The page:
Exploring Above & Beyond’s Fans First strategy

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“Dear Anjunafamily,  We’re here today to discuss hats. Hats protect your head from dangerous ultraviolet rays. This summer, wear a hat. And the hat we recommend? An Above & Beyond hat, exclusive to our top fans on Spotify. Yours sensibly, Above & Beyond”                         

One of the biggest dance acts of modern times, Above & Beyond don’t particularly need to further their fanbase more than they already have. The British trance trio have sold out huge venues like London’s O2 Arena, or New York’s Madison Square Garden in recent times, embarking on huge tours worldwide, with their most recent effort, ‘Common Ground’ spreading across North America and all of Europe. So why did the Anjuna bosses feel the need to market themselves in this way, targeting fans via a special email which hit fan email accounts last week? The move was part of a new marketing strategy available to artists known as ‘FansFirst’; a feature which could really help grow the brand of any major, or even smaller, artist.

Fans First emails are Spotify’s way of thanking artists’ biggest Spotify fans with unique or exclusive offers. Previous treats have included:

  • Access to presale tickets for upcoming concerts.
  • Access to exclusive merch items not available anywhere else.
  • Invites to special artist events.

Emails are sent to listeners who data shows are the artist’s top fans, based on the amount of listens per fan/artist.

“Streaming has grown a lot in the last six years,” explains Jordan Gremli, Spotify’s Head of Artist & Fan Development, whose team started the Fans First initiative last year. “More music is being listened to than ever, but there are so many great artists out there, so much choice. How do [artists] engage this audience?” Terrestrial radio pioneered the approach. Listeners could enter contests to get instant access to a music experience—Be caller No. 105 to win tickets! There are now other ways to engage with fans, so Gremli and his team at Spotify created something even better, a program in which they collaborate directly with artists to create unique opportunities for fans: Spotify Fans First. The Fans First team uses Spotify data to identify and reward the artist’s most passionate fans with an exclusive offer, such as advance access to concert tickets, exclusive merchandise, or an invite-only event not open to the public, such as an intimate concert in NYC, or a non-performance event like bake cookies with KSHMR or have afternoon tea with Nicky Romero.

“An artist comes to us with a creative vision, and we help execute it,” explains Gremli.“We know a lot about fans,” Gremli continues, “what they like, what they don’t like, what we think they’ll react to.” His team simply identifies the biggest fans in any given geographic area and sends them an email.“It’s kind of a no-brainer,” says Gremli. “The fan gets this surprise email that says, ‘You’re one of the biggest fans of this artist; click here to claim something cool.’ For the artist, it’s a way to give back to those fans.”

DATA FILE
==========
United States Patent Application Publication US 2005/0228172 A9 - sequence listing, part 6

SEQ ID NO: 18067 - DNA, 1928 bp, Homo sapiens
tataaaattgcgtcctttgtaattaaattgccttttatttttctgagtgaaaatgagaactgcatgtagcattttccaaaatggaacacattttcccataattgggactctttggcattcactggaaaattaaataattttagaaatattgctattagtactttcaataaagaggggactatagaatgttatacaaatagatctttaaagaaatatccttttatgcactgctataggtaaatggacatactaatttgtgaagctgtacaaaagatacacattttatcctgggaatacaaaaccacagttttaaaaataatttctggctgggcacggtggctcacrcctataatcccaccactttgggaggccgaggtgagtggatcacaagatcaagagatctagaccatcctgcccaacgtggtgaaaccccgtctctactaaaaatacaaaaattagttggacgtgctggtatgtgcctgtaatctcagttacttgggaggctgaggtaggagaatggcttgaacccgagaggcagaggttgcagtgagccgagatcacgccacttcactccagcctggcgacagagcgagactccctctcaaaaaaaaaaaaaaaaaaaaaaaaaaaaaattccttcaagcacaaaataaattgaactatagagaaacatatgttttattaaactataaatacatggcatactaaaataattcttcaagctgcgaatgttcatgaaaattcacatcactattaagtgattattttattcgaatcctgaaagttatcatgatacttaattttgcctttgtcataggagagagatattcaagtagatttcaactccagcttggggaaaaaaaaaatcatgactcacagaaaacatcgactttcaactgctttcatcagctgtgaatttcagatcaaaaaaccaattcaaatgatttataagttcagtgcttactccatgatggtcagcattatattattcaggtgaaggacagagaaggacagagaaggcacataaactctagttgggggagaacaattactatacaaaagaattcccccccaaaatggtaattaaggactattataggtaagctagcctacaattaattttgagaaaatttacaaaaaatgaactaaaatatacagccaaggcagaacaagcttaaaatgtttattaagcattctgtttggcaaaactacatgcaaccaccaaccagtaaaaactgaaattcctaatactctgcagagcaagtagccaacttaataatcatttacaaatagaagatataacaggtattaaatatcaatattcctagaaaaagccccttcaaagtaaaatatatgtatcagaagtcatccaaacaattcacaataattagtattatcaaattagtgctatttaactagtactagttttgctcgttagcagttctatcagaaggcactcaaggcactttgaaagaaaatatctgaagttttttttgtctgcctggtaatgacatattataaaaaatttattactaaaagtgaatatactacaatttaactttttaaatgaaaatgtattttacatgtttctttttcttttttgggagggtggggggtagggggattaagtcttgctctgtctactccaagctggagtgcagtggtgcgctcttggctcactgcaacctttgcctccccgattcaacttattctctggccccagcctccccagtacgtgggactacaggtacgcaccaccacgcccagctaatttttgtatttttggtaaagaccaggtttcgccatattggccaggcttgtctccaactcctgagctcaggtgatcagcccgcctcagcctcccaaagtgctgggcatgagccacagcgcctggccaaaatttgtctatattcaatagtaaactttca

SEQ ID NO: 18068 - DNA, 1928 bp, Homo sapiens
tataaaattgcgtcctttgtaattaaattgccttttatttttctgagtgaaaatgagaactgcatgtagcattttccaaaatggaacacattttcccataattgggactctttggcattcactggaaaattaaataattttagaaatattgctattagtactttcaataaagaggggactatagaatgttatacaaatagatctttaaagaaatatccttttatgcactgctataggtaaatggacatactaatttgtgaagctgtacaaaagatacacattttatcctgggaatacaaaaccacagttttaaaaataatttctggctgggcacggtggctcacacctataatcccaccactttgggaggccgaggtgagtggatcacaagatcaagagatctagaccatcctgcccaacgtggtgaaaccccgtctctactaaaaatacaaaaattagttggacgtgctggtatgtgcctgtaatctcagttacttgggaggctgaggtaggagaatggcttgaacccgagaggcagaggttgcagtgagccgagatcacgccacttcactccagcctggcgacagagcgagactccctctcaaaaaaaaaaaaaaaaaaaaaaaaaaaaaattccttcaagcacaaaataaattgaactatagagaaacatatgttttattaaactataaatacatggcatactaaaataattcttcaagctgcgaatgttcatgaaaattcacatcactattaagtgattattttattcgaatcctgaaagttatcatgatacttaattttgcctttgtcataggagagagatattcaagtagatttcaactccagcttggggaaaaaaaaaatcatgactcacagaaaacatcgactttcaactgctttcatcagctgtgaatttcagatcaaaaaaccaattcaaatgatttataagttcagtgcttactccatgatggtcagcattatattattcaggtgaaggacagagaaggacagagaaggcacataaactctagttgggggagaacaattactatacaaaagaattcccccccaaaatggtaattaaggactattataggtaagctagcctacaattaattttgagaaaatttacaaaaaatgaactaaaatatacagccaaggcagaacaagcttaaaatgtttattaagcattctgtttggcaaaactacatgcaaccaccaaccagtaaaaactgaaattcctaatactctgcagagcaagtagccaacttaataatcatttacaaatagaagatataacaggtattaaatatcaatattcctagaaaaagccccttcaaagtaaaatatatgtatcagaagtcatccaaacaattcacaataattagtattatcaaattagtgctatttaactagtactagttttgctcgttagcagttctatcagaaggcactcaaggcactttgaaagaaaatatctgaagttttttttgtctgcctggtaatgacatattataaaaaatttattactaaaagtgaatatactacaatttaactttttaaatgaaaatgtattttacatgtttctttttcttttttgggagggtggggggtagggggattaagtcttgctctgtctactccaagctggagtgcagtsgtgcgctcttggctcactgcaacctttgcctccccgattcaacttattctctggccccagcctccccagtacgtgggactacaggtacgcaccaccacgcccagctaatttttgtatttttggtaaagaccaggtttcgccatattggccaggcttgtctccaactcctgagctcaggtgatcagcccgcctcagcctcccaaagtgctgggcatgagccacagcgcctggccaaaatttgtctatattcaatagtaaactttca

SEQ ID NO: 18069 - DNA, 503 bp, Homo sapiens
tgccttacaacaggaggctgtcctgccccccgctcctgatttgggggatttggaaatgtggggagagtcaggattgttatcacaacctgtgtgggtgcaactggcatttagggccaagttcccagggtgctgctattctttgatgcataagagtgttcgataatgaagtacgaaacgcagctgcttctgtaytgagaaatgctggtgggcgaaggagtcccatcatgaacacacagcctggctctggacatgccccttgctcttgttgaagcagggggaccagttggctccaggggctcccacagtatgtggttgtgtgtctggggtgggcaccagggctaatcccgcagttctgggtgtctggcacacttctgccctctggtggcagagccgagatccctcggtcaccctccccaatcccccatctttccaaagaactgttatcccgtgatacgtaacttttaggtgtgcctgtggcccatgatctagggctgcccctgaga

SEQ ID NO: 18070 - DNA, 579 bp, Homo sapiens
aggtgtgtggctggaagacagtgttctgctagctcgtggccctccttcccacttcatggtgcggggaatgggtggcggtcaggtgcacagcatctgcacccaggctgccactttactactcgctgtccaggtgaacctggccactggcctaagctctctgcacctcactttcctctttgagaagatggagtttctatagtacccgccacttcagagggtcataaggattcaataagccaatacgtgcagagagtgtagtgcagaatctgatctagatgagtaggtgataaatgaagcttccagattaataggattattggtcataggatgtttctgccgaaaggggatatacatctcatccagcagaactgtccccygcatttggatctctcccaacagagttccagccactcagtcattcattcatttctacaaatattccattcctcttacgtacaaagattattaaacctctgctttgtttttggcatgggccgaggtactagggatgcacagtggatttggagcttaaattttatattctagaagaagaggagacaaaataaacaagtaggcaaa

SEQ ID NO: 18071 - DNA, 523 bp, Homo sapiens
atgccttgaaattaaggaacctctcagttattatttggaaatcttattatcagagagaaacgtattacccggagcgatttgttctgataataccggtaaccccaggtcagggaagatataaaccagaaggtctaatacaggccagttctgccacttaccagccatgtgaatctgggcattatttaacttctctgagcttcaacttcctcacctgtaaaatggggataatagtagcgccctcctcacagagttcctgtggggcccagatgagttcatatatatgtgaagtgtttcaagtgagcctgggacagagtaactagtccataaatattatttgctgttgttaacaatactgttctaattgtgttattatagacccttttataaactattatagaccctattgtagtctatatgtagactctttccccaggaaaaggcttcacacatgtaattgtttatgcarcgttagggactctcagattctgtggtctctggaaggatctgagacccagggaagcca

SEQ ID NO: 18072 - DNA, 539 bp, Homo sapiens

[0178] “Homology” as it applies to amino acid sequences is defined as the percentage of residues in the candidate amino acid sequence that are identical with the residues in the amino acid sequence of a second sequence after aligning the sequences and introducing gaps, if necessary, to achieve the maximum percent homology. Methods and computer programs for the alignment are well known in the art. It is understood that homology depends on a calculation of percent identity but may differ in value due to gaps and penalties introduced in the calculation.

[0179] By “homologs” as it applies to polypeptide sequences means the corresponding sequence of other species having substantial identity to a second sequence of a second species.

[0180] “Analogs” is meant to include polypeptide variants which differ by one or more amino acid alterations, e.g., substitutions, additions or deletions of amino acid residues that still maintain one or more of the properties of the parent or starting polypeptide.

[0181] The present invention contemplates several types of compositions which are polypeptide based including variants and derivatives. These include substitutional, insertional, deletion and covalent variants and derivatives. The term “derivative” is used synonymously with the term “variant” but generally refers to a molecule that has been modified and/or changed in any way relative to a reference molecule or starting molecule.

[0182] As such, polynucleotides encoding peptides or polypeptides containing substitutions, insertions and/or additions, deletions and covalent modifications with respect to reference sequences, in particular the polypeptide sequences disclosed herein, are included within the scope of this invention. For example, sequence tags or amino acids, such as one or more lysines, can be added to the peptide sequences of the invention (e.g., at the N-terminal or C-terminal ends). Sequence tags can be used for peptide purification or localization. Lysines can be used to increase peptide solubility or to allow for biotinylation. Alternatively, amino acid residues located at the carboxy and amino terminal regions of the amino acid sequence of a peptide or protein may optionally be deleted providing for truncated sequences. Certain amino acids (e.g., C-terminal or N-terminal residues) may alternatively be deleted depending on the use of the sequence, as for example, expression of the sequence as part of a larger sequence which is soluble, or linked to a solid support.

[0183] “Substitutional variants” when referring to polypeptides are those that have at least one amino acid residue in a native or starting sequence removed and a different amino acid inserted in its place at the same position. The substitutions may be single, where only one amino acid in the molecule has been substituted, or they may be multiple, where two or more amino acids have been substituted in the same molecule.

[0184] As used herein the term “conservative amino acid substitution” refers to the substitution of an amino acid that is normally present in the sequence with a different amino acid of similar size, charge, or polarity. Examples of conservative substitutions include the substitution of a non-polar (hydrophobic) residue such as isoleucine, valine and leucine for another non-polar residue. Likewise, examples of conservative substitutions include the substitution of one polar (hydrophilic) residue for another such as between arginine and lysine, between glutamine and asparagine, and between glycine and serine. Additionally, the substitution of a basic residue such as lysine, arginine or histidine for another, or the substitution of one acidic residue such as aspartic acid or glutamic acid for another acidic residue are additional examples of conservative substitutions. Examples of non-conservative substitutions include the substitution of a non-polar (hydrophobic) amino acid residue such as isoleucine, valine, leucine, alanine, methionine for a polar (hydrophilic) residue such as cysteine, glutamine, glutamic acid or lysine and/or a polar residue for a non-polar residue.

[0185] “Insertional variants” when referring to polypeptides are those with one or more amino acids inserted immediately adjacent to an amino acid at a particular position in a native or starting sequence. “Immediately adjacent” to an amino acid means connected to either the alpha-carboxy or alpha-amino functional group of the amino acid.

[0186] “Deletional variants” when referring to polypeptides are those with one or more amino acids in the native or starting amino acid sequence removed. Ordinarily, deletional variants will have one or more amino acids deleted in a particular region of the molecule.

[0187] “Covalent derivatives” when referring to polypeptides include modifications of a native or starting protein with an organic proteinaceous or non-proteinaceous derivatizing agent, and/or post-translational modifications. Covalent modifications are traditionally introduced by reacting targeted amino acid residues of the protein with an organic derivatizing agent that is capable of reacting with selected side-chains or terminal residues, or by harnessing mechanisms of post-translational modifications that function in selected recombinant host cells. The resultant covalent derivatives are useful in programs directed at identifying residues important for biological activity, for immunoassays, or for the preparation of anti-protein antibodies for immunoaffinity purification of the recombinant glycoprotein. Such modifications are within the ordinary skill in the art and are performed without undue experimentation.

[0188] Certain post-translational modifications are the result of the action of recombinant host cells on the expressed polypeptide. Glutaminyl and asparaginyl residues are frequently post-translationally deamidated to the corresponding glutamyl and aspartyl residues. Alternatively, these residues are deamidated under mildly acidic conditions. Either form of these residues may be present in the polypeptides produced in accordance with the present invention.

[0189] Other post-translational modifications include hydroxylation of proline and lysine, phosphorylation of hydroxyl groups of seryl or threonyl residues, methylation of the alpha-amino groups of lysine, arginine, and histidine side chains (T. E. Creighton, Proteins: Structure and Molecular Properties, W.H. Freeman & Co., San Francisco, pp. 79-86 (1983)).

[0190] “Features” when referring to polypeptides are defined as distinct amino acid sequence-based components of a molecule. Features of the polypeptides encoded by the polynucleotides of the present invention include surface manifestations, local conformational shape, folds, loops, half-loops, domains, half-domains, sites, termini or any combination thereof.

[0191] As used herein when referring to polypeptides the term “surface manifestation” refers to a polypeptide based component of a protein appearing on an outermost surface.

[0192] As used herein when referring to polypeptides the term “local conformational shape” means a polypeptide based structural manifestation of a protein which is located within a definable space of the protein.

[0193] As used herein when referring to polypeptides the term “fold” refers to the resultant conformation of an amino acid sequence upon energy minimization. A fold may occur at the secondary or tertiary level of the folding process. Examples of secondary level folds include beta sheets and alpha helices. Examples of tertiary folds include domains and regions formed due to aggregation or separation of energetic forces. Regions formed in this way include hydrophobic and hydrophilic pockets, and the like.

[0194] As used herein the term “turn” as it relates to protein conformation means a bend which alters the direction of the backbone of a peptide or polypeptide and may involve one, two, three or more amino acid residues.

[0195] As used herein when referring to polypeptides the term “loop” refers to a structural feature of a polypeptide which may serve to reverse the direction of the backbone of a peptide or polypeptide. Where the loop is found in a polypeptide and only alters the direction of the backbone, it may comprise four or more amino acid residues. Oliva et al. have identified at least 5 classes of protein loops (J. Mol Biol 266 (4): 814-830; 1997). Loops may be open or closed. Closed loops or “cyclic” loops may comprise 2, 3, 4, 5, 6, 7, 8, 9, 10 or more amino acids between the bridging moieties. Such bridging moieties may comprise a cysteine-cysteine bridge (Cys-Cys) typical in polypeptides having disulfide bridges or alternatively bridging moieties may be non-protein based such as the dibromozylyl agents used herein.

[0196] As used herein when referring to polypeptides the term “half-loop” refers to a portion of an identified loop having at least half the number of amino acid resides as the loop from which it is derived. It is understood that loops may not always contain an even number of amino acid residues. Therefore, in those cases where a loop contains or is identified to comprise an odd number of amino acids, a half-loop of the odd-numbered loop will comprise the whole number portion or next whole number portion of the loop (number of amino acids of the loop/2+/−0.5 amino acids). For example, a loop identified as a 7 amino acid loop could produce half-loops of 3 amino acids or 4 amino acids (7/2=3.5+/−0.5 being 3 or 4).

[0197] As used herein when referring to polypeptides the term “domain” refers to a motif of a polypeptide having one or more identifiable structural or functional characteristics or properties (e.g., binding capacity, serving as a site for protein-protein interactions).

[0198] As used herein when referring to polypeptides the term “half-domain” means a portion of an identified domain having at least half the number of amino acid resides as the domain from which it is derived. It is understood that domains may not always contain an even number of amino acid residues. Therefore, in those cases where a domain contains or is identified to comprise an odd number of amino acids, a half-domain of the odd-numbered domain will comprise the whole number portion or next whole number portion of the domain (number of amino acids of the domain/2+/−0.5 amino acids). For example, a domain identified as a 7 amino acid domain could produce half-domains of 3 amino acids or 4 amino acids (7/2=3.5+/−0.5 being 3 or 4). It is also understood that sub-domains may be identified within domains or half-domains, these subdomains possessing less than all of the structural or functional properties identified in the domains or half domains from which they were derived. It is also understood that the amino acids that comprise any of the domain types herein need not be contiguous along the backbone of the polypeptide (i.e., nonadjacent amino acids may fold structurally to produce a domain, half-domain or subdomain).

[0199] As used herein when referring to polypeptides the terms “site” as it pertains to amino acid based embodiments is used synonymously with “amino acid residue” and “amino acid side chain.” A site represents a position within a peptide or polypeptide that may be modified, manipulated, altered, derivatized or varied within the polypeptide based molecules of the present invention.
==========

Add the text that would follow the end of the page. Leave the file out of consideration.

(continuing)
The most ambitious and audacious way to let artists reach fans would be a special artist-to-fan messaging channel. Spotify got rid of its in-app inbox and messaging feature for sending friends songs a few years ago, instead pushing users to share music via their chat app of choice. But similar to the Fans First email campaigns, Spotify could create a special artist-to-fan messaging section in its app that could alert users to new releases and playlists as brand advertising, or even push tours and merchandise as more direct performance advertising. Spotify could give all artists a certain volume of messages they could send for free or let them reach out just to the top 1% of fans a certain number of times per month or year. Then artists could pay to send more messages beyond the limits. Alternatively, it could just charge for any use of messaging.

Done wrong, the above options could feel like Spotify gouging artists to reach their own fans. But done right, users might actually enjoy it. These connections wouldn’t be too far off from following an artist on other social media, but where people are already listening. Finding out about one of your favorite DJs new albums, tours, or t-shirts might feel less like an ad and more like an inside tip from the fan club.

Spotify might be able to get away with showing some of these different experiences to users who’ve subscribed if they don’t get in the way of music listening. Swinging to the other end of the opportunity spectrum, the company could just give away all these experiences to artists, boosting their loyalty to Spotify and getting them to promote their presence there instead of on competing streaming services like Apple Music.

By advertising their merchandise range via the FansFirst platform, Above & Beyond gave the intimate feeling to fans that they were speaking to them on a personal level, thus strengthening the relationship between themselves as artists, and their ever-growing fanbase. And by cleverly using hats as their chosen item of sale, they found themselves perfectly targeting the demographic, given the current global heatwave which sweeps the world. A marketing masterclass, by all accounts.